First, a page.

Southern Gothic


It’s hotter’n hell. It’s a hunnert if it’s a degree. The devil hisself wouldn’t last more’n an hour walkin’ along this ol’ dirt road afore he just sat down and quit.

But I’m walkin’ it, just like I done walked it a thousand times at least. Ever since I was a young’n. Back and forth. Hotter’n hell or colder’n a well digger’s butt. I walked it when I was 7. All by myself. It was a mile from the house down to the blacktop road where the ol’ yaller school bus’d pick me up and carry me on up to Worthen to the school there. But I didn’t take to schoolin’ none. All that there readin’ and math and such, that weren’t for me. I’m a Shumate, just like my daddy and his daddy and his daddy. We ain’t never had much use for school lernin’. But Mama … she said them people in Montgomery passed a law and ever young’n had to go to school whether they wanted to or not. Mama … she was proud. Said it was good fer me. But Daddy said it was a waste of everbody’s time. But the law said I had to walk this ol’ dirt road and take the bus into town. Cold … hot … rain … didn’t make no diff’ernce.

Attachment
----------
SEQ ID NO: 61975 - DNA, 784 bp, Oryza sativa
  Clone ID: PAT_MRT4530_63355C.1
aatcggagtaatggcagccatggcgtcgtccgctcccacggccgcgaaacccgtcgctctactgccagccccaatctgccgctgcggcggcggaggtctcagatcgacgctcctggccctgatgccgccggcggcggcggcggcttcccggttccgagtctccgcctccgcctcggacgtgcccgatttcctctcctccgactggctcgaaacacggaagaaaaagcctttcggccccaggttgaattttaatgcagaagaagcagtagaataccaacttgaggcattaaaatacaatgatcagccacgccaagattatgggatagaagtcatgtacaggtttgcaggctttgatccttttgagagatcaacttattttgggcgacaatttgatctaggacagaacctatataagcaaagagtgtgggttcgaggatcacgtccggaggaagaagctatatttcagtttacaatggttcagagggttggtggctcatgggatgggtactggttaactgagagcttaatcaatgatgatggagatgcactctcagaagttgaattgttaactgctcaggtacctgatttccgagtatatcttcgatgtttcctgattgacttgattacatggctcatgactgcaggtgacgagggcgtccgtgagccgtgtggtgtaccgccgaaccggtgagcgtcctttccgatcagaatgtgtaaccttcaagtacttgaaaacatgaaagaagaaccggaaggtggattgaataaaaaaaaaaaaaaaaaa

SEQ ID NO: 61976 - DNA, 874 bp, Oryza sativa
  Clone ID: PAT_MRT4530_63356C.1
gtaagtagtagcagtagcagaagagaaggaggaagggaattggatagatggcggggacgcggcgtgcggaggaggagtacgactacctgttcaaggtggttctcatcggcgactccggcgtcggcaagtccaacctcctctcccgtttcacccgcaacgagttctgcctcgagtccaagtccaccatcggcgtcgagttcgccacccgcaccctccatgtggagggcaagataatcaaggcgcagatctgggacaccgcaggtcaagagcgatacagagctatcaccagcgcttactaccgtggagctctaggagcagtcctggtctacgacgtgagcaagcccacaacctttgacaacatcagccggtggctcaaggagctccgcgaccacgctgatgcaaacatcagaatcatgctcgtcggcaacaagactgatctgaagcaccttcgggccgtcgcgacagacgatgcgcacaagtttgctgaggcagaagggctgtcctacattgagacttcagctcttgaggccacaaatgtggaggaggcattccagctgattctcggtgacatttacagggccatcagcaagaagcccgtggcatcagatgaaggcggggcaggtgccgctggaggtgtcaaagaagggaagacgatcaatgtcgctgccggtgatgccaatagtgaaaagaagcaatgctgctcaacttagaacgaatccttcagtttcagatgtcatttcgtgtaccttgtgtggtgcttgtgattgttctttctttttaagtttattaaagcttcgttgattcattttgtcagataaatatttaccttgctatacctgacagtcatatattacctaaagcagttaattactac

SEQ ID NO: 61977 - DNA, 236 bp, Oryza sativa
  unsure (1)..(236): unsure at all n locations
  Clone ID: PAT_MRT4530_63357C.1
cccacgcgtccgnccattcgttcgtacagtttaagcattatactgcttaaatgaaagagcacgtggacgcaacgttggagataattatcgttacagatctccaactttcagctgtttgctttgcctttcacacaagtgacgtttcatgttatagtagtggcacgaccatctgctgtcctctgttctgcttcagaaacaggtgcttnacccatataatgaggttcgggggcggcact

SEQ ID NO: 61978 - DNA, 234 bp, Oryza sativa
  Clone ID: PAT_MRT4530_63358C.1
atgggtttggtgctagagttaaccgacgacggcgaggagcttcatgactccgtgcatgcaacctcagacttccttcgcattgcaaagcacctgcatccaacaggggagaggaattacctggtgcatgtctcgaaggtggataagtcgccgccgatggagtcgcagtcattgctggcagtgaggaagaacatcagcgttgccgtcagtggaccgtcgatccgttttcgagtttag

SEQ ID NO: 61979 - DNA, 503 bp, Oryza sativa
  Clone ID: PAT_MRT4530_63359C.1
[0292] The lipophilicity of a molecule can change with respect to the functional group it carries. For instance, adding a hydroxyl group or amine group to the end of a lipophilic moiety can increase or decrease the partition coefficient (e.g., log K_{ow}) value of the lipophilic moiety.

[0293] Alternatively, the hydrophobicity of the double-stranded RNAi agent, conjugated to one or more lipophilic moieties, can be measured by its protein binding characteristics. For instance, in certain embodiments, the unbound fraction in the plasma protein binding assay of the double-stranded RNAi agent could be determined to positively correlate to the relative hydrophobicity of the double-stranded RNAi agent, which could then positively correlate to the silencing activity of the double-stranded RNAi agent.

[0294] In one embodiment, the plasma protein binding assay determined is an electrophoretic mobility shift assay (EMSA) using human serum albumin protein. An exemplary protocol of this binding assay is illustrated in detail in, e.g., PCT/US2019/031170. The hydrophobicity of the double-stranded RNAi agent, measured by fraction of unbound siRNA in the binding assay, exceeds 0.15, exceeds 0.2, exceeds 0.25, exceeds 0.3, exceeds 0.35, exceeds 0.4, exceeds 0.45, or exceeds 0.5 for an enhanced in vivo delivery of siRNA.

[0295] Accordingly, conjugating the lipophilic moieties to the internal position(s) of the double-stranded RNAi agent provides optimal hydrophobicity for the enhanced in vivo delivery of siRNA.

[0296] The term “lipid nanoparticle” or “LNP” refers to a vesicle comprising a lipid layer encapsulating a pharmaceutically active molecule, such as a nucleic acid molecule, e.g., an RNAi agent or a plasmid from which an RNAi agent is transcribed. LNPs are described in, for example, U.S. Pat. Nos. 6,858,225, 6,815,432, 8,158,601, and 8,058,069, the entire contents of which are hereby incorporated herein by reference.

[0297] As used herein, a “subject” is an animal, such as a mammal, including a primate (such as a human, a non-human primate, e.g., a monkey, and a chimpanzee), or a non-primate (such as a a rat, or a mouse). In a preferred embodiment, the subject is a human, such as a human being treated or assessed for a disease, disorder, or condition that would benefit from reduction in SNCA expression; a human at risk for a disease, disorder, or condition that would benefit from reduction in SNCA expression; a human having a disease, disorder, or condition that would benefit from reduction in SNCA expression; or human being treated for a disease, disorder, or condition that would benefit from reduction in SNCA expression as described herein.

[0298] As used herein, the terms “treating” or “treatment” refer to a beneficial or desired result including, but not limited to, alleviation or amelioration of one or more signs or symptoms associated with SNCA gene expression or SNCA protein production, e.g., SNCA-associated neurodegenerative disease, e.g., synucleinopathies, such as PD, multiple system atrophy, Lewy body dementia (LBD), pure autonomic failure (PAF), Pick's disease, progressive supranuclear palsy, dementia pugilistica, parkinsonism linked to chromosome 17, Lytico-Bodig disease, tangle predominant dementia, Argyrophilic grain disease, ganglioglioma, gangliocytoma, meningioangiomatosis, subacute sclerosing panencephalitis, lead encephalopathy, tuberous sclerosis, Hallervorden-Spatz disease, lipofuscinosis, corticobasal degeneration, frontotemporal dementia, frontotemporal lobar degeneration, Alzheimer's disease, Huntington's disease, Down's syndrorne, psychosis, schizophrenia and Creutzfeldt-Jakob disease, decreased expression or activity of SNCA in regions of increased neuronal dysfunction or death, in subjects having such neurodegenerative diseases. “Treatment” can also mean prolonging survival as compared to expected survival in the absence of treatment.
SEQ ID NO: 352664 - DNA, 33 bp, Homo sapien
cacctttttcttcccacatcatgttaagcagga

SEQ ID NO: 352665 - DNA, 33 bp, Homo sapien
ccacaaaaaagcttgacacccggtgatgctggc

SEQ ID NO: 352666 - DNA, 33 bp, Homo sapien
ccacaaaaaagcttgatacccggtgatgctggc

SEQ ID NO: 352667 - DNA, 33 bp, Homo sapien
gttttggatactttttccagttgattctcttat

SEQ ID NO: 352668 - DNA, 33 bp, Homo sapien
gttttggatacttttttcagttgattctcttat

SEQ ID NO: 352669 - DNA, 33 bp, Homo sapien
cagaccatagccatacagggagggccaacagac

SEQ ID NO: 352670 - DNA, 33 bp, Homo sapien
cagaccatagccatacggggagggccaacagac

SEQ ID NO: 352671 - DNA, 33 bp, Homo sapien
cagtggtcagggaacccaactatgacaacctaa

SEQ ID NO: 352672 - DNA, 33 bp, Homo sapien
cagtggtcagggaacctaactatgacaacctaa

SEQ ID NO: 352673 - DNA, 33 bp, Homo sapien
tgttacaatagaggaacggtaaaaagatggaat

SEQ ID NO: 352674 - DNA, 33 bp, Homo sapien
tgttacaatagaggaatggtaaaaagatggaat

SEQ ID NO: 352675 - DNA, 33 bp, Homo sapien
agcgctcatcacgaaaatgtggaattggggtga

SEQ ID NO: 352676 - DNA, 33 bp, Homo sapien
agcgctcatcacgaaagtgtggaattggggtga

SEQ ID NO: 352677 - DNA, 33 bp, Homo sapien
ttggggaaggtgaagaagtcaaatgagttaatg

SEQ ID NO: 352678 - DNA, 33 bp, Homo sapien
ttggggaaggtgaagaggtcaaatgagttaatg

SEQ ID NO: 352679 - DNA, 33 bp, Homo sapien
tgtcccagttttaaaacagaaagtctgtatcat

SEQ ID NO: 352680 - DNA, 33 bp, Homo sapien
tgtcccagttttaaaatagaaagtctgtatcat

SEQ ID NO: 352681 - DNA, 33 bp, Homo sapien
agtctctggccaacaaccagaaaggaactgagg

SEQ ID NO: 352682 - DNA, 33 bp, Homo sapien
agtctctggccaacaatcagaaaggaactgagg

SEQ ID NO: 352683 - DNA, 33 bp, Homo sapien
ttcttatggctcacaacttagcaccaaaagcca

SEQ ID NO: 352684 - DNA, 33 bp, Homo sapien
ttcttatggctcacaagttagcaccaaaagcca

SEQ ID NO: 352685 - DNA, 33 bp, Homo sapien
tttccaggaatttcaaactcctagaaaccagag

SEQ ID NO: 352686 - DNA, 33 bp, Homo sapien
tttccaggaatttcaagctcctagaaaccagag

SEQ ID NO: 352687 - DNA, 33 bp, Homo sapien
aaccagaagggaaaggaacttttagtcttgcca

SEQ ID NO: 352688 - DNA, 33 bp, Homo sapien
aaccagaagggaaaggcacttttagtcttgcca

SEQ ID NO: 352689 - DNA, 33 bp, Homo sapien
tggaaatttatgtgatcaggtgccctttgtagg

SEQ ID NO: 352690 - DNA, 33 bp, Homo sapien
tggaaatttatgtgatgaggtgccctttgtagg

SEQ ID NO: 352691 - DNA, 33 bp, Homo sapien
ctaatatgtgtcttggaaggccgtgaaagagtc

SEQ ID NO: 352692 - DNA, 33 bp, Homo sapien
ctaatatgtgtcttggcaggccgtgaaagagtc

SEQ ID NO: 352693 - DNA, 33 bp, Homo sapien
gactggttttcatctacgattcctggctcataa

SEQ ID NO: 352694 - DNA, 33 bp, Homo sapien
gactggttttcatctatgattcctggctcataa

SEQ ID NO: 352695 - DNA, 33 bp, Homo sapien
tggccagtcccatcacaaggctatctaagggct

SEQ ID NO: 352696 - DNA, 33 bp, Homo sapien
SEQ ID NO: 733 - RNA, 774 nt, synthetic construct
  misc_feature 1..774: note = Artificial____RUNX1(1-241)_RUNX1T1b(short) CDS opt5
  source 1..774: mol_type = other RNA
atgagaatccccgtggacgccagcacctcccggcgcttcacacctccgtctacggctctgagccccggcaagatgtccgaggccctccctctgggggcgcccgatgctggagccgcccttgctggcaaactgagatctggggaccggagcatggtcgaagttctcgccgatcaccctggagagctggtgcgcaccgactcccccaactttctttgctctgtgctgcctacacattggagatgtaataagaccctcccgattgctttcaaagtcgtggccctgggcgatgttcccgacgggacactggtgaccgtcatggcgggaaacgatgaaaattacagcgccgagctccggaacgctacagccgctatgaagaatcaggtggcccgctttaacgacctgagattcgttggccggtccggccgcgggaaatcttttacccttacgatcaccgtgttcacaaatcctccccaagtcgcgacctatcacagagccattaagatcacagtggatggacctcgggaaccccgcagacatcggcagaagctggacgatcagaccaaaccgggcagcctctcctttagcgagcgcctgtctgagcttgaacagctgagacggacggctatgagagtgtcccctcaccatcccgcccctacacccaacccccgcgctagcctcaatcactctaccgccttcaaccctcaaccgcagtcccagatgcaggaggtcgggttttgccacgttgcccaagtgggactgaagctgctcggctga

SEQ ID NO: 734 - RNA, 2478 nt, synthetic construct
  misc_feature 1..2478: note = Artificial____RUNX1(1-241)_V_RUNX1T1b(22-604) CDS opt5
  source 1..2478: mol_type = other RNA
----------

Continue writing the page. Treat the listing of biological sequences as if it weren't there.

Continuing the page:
After I was in seventh grade they said I didn’t have to go no more. All the men went off to the war. I had to help Mama with the farm. Weren’t much I could do about it. Nothin’ much would grow in that poor ol’ Alabama red clay except Johnson grass and bitter weed. But I reckon it was enough for the five of us; me and Mama and my three little sisters. Or maybe it weren’t really enough. Seems one or the other of ‘em was always sick or feelin’ poorly. I did what I could, but Doc Everit wouldn’t come out all that way for no Shumate. I said we had a good passel of collards about then, but he just snorted and said he wad’nt comin’ out all that way for no collards.

Ain’t much harder than diggin’ in that red clay. Specialy in summer when it was like digging in brick. But I done it. Deep as that feller told me I should. The preacher said it looked real nice and nobody coulda done no better, even them fellers over in Thomasville that got paid to do it. And he preached real nice. I told him I didn’t have no money but I had some collards or some black eyed peas or a hen. And he said he didn’t need nothing. He said he done it out of Christian love. And I said I was much obliged.

And now I got to do something. I cain’t raise no three girls on just collards or a scraggly hen. The preacher told me they was hiring men over at the mill with strong backs and they didn’t care none about if they had any book lernin’ or not. I reckon Daddy ain’t coming back. They said the war was over a year ago. So I’ll just keep on walkin’ this dusty road a while longer. At least til they’s grown up enough to get married and go off on their own.




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